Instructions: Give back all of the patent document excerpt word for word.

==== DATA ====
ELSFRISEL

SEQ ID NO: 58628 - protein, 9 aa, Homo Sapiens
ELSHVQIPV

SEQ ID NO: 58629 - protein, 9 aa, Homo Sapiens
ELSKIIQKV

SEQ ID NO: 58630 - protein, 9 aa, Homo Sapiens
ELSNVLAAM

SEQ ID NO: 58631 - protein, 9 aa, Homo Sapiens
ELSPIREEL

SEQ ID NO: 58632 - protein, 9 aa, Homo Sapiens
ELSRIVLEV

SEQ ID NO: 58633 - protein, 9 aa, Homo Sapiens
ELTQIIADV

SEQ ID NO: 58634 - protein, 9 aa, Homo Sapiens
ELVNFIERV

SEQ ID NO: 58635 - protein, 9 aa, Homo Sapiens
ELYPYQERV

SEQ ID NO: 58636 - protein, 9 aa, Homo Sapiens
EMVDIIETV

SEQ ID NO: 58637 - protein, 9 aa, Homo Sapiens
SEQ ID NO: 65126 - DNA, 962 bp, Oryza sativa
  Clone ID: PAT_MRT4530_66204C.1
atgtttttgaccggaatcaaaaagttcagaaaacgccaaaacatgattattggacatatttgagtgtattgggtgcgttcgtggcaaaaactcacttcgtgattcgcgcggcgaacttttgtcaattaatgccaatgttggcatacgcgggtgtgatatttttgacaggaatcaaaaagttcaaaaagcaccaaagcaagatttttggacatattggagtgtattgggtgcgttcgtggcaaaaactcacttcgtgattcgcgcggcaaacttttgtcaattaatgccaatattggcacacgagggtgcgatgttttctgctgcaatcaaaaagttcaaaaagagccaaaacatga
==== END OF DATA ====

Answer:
ELSFRISEL

SEQ ID NO: 58628 - protein, 9 aa, Homo Sapiens
ELSHVQIPV

SEQ ID NO: 58629 - protein, 9 aa, Homo Sapiens
ELSKIIQKV

SEQ ID NO: 58630 - protein, 9 aa, Homo Sapiens
ELSNVLAAM

SEQ ID NO: 58631 - protein, 9 aa, Homo Sapiens
ELSPIREEL

SEQ ID NO: 58632 - protein, 9 aa, Homo Sapiens
ELSRIVLEV

SEQ ID NO: 58633 - protein, 9 aa, Homo Sapiens
ELTQIIADV

SEQ ID NO: 58634 - protein, 9 aa, Homo Sapiens
ELVNFIERV

SEQ ID NO: 58635 - protein, 9 aa, Homo Sapiens
ELYPYQERV

SEQ ID NO: 58636 - protein, 9 aa, Homo Sapiens
EMVDIIETV

SEQ ID NO: 58637 - protein, 9 aa, Homo Sapiens
SEQ ID NO: 65126 - DNA, 962 bp, Oryza sativa
  Clone ID: PAT_MRT4530_66204C.1
atgtttttgaccggaatcaaaaagttcagaaaacgccaaaacatgattattggacatatttgagtgtattgggtgcgttcgtggcaaaaactcacttcgtgattcgcgcggcgaacttttgtcaattaatgccaatgttggcatacgcgggtgtgatatttttgacaggaatcaaaaagttcaaaaagcaccaaagcaagatttttggacatattggagtgtattgggtgcgttcgtggcaaaaactcacttcgtgattcgcgcggcaaacttttgtcaattaatgccaatattggcacacgagggtgcgatgttttctgctgcaatcaaaaagttcaaaaagagccaaaacatga